This is a key neologism in my Technology vs Humanity book (i.e. it's a word I made up). I like to use the term in order describe what really matters for most of us: human ‘rhythms’ not machine rhythms i.e. algorithms. A super-computer can win in chess or GO but can't talk to a 2-year old. A person that I meet somewhere needs an average of 0.4 seconds to gain some kind of basic understanding about me, even without speaking – yet a computer still does not really understand my values and feelings after it has ingested my entire browsing and social network history of the past 7 years (an estimated 200 Million data points). Just try this IBM personality insight test:)
Androrithms include human-only traits such as empathy, compassion, creativity, story-telling and soon to be relicts (?) such as mystery, serendipity, mistakes and secrets. “Computers are stupid – they only provide answers” (Picasso) Computers are for answers, humans are for questions (Kevin Kelly). As I like to say: for every amazing algorithm we need to strengthen our already existing androrithm. Every technological advancement impacts on how we interact as humans, and in many future cases we will need to safeguard, hedge or kind of ‘national-parkize’ those human idiosyncrasies so that they are not diminished or even eradicated by the tendency of technology to present itself as a solution to everything. (A great example would be how people are increasingly looking towards technology to solve social challenges: political activism on Facebook (press Like rather than making sure the right people get voted), or on increasing security and digital surveillance to ‘solve’ terrorism)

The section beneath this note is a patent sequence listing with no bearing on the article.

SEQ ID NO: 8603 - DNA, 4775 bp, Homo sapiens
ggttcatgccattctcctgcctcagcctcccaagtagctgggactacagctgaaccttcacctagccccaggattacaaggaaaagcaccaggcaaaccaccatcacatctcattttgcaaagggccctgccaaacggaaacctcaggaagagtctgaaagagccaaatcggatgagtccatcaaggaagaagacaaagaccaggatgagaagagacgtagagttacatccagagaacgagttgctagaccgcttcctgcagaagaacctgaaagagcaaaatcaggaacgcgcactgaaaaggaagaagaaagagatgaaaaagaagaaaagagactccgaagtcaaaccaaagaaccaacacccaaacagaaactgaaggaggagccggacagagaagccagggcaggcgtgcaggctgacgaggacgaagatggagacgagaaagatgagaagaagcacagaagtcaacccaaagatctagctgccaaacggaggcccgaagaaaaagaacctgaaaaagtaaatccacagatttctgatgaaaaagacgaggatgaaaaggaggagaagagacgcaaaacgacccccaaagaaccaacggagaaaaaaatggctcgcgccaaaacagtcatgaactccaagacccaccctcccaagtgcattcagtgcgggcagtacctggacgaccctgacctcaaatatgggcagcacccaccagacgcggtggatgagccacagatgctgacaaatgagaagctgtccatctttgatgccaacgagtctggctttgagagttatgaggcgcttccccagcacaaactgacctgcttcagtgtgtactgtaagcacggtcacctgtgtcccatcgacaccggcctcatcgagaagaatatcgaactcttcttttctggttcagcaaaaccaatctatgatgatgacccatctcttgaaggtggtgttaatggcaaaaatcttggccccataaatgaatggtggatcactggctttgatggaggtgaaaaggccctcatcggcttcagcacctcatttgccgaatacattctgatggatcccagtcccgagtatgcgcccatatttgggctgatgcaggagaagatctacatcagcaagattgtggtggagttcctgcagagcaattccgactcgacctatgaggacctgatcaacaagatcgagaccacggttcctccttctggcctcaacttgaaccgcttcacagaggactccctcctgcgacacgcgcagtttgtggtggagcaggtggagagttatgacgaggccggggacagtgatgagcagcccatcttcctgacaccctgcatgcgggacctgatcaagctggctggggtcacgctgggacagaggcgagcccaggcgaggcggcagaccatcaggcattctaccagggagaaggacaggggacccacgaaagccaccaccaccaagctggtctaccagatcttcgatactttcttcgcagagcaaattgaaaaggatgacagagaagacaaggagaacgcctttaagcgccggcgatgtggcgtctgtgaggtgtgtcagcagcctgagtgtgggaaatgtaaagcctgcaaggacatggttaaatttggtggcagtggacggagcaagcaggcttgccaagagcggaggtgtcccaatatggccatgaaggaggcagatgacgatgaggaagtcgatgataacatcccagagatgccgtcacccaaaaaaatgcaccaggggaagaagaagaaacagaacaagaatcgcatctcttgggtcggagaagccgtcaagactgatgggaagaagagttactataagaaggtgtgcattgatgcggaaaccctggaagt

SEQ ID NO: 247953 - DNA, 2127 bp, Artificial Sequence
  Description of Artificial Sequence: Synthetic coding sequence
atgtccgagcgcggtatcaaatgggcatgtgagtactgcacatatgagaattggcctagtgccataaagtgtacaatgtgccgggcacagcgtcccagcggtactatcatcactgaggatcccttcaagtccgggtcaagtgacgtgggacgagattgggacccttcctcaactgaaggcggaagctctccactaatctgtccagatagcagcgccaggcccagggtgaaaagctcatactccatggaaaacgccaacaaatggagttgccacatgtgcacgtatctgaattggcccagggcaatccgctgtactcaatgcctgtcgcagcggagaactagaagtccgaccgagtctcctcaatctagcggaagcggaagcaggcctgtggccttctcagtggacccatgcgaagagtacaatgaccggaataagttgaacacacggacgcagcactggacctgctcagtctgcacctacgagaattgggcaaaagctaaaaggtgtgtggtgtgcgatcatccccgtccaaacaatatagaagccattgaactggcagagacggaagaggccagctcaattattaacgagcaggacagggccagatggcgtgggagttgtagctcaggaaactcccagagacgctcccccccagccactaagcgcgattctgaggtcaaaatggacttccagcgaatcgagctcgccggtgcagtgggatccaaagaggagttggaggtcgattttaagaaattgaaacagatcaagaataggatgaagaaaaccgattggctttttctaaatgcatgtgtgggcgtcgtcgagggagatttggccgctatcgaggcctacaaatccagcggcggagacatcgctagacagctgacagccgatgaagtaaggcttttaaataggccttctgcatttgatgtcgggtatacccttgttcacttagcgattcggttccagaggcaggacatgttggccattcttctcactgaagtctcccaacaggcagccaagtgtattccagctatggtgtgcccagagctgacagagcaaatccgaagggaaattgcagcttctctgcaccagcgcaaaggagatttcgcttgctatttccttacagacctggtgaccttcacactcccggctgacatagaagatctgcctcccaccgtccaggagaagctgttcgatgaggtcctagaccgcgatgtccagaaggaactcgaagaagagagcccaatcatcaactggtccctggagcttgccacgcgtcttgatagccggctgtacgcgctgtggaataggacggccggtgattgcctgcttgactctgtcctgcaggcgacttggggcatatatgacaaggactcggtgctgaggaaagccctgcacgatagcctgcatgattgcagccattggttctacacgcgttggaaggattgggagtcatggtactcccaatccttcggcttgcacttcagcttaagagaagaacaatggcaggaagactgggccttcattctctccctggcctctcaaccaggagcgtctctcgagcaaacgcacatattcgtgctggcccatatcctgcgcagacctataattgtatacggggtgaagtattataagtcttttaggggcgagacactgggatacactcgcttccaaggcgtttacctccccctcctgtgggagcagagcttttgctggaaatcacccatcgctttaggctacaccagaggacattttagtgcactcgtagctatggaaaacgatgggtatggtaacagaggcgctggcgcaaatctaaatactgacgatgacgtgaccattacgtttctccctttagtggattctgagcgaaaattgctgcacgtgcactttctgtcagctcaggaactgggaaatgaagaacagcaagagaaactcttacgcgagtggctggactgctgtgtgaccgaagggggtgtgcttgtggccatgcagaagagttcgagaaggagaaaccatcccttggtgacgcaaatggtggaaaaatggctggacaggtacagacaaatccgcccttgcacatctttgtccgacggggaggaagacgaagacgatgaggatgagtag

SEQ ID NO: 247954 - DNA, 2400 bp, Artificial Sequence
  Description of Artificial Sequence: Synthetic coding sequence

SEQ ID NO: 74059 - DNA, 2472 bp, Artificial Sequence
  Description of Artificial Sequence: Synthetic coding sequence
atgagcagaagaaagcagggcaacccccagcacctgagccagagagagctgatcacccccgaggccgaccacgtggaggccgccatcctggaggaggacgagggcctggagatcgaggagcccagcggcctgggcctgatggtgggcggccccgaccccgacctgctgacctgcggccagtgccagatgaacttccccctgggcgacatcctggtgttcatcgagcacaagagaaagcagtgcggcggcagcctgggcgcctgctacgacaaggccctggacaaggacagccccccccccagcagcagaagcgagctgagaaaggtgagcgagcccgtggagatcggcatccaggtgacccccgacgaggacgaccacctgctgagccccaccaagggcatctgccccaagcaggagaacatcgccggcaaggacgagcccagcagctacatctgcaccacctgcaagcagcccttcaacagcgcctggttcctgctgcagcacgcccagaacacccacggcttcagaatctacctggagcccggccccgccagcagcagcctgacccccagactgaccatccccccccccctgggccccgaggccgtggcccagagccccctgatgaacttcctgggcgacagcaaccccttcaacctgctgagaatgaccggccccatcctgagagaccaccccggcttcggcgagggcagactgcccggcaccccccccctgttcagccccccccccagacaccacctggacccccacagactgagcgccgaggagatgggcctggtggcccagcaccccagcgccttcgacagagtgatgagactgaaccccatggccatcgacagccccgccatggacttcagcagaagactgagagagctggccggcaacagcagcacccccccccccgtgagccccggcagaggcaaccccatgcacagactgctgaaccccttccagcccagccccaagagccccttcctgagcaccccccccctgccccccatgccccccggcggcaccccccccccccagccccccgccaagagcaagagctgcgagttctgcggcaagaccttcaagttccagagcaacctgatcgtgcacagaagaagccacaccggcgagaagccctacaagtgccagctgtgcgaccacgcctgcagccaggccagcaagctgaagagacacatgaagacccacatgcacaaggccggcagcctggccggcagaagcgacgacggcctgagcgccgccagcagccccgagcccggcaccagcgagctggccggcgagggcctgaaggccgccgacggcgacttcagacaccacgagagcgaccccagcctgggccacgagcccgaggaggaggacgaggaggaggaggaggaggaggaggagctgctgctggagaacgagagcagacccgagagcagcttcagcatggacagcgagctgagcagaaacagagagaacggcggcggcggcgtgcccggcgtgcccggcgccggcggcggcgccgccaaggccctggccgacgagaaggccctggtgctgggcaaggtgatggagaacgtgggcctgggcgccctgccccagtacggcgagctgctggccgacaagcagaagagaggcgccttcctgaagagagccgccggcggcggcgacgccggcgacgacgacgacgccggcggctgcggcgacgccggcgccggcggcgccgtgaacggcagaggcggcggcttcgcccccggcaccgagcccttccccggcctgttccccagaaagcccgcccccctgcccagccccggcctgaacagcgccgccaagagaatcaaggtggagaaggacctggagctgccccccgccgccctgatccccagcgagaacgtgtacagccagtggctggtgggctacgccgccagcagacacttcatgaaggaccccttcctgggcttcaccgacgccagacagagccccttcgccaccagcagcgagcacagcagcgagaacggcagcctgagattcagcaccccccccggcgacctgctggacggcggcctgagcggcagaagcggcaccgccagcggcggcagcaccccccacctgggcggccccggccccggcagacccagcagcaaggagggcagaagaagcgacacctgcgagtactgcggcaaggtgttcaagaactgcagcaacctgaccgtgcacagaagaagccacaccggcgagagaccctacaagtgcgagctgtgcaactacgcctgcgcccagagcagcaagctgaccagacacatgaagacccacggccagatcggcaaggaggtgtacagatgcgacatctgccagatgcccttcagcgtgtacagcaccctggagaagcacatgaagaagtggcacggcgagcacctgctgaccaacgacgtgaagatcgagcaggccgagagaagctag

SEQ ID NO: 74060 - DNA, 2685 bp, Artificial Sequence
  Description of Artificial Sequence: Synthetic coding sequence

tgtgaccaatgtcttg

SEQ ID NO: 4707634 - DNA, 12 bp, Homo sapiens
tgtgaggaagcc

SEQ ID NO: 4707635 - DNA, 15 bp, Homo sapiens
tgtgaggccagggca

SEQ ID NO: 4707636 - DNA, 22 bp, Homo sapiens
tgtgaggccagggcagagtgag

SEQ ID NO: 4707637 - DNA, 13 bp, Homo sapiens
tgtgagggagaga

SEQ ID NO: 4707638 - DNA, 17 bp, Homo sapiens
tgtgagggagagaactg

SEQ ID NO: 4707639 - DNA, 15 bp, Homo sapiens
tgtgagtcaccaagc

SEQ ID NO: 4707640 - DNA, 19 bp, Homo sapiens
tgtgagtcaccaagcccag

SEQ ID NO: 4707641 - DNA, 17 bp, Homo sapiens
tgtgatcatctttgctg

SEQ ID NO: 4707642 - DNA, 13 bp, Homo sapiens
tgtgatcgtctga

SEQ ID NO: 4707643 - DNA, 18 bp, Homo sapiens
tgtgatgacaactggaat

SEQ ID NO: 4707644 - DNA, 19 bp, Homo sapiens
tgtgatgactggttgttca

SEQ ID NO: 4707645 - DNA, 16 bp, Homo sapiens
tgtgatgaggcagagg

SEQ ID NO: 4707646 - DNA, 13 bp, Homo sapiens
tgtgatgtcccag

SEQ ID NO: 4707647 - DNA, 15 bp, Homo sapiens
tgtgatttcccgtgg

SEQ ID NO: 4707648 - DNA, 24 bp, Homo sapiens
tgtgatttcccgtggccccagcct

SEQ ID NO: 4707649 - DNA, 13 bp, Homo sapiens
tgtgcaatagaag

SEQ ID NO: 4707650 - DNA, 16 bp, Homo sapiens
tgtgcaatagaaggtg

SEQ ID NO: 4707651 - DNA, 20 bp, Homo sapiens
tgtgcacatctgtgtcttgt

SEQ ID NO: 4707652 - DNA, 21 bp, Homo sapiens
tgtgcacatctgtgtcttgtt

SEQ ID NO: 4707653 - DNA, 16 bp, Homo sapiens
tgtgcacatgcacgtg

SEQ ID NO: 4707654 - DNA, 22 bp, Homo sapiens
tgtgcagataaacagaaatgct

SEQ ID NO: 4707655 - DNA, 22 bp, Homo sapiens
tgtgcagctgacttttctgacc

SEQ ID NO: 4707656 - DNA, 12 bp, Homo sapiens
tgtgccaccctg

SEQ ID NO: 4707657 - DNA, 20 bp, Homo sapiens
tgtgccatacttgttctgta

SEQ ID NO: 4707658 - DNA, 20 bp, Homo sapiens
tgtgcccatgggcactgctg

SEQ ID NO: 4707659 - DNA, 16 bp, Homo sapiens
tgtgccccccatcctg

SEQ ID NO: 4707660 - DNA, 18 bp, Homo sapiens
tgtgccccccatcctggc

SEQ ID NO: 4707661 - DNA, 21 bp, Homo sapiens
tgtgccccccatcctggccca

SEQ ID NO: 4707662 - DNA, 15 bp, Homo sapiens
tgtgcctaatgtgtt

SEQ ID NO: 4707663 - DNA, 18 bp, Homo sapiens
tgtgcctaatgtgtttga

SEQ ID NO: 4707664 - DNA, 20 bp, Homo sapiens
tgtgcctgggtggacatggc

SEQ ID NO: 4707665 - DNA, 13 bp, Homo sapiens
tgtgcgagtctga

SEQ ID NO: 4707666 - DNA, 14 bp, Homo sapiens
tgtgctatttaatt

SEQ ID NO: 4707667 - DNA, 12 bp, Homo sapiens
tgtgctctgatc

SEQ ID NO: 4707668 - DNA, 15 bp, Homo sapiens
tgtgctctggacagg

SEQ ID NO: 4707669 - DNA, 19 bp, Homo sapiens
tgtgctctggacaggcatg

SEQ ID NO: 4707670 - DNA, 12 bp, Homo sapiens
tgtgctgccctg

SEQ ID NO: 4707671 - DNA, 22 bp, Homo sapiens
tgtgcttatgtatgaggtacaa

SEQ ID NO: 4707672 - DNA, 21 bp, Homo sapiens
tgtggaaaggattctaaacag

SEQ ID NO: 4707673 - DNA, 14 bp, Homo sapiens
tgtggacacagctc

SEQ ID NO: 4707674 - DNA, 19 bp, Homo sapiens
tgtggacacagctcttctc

on my book Technology vs Humanity... read more here
"Among the most-worried is Swiss author Gerd Leonhard, whose new book Technology Vs. Humanity: The Coming Clash Between Man and Machine, coins an interesting term, "androrithm," to contrast with the algorithms that are implemented in every digital calculating engine or computer. Some foresee algorithms ruling the world with the inexorable automaticity of reflex, and Leonhard asks: "Will we live in a world where data and algorithms triumph over androrithms… i.e., all that stuff that makes us human?"
... i.e. around 95% of our lives.